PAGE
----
Petitioners contend (Br. 33) that the “overriding purpose of marriage” is “to regulate sexual relationships between men and women so that the unique procreative capacity of such relationships benefits rather than harms society.” Based upon that premise, petitioners centrally defend Proposition 8 on the ground that “traditional” marriage serves to address the problem of “unintended pregnancies.” … As this Court has recognized, marriage is much more than a means to deal with accidental offspring… Petitioners’ unduly narrow conception of the institution of marriage would hardly be recognizable to most of its participants.

Virelli then comes to this conclusion — which includes a timely shout-out to Justice Kennedy, who is believed to be the swing vote on this issue:

California’s extension of all of the substantive rights and responsibilities of marriage to gay and lesbian domestic partners particularly undermines the justifications for Proposition 8. It indicates that Proposition 8’s withholding of the designation of marriage is not based on an interest in promoting responsible procreation and child-rearing — petitioners’ central claimed justification for the initiative — but instead on impermissible prejudice. As the court of appeals observed (Pet. App. 87a),that is not necessarily to say “that Proposition 8 is the result of ill will on the part of the voters of California.” ‘Prejudice, we are beginning to understand, rises not from malice or hostile animus alone. It may result as well from insensitivity caused by simple want of careful,rational reflection or from some instinctive mechanism to guard against people who appear to be different in some respects from ourselves.” Board of Trs. of Univ.of Ala. v. Garrett, 531 U.S. 356, 374 (2001) (Kennedy, J.,concurring). Prejudice may not, however, be the basis for differential treatment under the law.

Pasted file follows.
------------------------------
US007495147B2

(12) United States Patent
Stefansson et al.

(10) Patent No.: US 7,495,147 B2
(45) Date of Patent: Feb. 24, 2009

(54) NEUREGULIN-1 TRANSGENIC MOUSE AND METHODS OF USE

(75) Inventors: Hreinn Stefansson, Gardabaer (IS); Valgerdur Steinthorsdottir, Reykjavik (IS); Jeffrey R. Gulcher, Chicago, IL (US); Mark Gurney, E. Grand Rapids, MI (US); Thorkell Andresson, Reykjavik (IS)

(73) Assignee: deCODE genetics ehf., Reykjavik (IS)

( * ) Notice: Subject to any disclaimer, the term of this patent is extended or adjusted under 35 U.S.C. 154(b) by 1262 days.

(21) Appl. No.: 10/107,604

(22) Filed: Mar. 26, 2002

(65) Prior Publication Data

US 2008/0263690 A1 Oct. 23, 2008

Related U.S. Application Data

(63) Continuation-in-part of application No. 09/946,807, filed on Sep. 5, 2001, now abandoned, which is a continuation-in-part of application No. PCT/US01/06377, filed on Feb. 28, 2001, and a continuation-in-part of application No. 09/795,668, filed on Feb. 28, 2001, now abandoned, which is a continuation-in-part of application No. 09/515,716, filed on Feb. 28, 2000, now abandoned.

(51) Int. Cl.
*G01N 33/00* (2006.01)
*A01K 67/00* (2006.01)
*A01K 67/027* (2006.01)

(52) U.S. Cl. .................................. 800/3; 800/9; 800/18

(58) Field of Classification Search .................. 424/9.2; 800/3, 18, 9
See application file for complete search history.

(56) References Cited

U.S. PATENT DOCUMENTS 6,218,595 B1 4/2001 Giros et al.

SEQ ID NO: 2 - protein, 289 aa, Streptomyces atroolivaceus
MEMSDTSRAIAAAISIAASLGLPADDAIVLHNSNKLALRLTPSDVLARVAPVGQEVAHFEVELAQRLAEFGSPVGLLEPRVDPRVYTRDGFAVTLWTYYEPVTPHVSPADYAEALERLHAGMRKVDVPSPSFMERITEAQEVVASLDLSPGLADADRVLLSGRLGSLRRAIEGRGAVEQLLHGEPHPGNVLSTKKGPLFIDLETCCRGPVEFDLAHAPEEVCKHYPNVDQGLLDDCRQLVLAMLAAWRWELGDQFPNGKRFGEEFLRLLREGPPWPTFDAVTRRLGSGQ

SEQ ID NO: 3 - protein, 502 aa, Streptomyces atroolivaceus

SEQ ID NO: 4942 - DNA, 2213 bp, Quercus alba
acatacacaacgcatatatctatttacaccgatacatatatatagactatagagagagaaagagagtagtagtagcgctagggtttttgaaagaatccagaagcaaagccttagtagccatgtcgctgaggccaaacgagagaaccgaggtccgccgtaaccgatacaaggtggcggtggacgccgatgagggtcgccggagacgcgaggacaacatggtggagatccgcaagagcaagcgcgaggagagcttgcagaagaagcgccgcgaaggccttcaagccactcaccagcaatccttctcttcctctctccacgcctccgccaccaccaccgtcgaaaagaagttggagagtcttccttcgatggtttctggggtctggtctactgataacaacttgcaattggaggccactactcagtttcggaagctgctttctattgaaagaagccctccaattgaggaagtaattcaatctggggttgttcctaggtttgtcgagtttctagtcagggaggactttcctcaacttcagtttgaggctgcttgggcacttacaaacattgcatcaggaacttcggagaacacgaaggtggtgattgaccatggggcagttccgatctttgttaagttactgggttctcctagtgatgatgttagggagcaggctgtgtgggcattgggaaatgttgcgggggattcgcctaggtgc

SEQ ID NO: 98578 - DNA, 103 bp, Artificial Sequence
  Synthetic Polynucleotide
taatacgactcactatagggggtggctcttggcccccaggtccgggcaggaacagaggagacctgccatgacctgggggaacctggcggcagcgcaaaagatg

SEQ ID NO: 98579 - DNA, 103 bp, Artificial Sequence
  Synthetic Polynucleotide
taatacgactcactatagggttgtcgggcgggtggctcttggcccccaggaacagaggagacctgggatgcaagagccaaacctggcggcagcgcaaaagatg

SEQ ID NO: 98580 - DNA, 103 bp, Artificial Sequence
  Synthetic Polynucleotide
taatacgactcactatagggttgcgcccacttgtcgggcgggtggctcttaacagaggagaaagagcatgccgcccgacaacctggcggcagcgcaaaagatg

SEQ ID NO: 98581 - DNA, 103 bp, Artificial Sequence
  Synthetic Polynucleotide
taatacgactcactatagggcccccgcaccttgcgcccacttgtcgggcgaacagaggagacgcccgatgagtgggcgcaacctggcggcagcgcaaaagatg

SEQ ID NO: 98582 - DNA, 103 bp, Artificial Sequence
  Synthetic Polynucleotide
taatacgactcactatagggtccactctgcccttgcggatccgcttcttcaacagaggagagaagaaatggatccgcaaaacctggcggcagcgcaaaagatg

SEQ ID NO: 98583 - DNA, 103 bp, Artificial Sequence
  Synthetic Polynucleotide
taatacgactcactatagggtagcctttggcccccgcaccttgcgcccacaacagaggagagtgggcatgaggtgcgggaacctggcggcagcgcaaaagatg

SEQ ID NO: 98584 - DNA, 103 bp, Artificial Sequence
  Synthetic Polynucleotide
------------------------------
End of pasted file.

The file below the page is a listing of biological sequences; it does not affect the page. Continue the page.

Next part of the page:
Selma and Stonewall

Timothy Kincaid

January 21st, 2013

I was delighted to hear President Obama call for equality under the law for gay and lesbian Americans. But one part of his speech, even more than that call, struck me as a significant change in the language of our struggle.

We, the people, declare today that the most evident of truths – that all of us are created equal – is the star that guides us still; just as it guided our forebears through Seneca Falls, and Selma, and Stonewall; just as it guided all those men and women, sung and unsung, who left footprints along this great Mall, to hear a preacher say that we cannot walk alone; to hear a King proclaim that our individual freedom is inextricably bound to the freedom of every soul on Earth.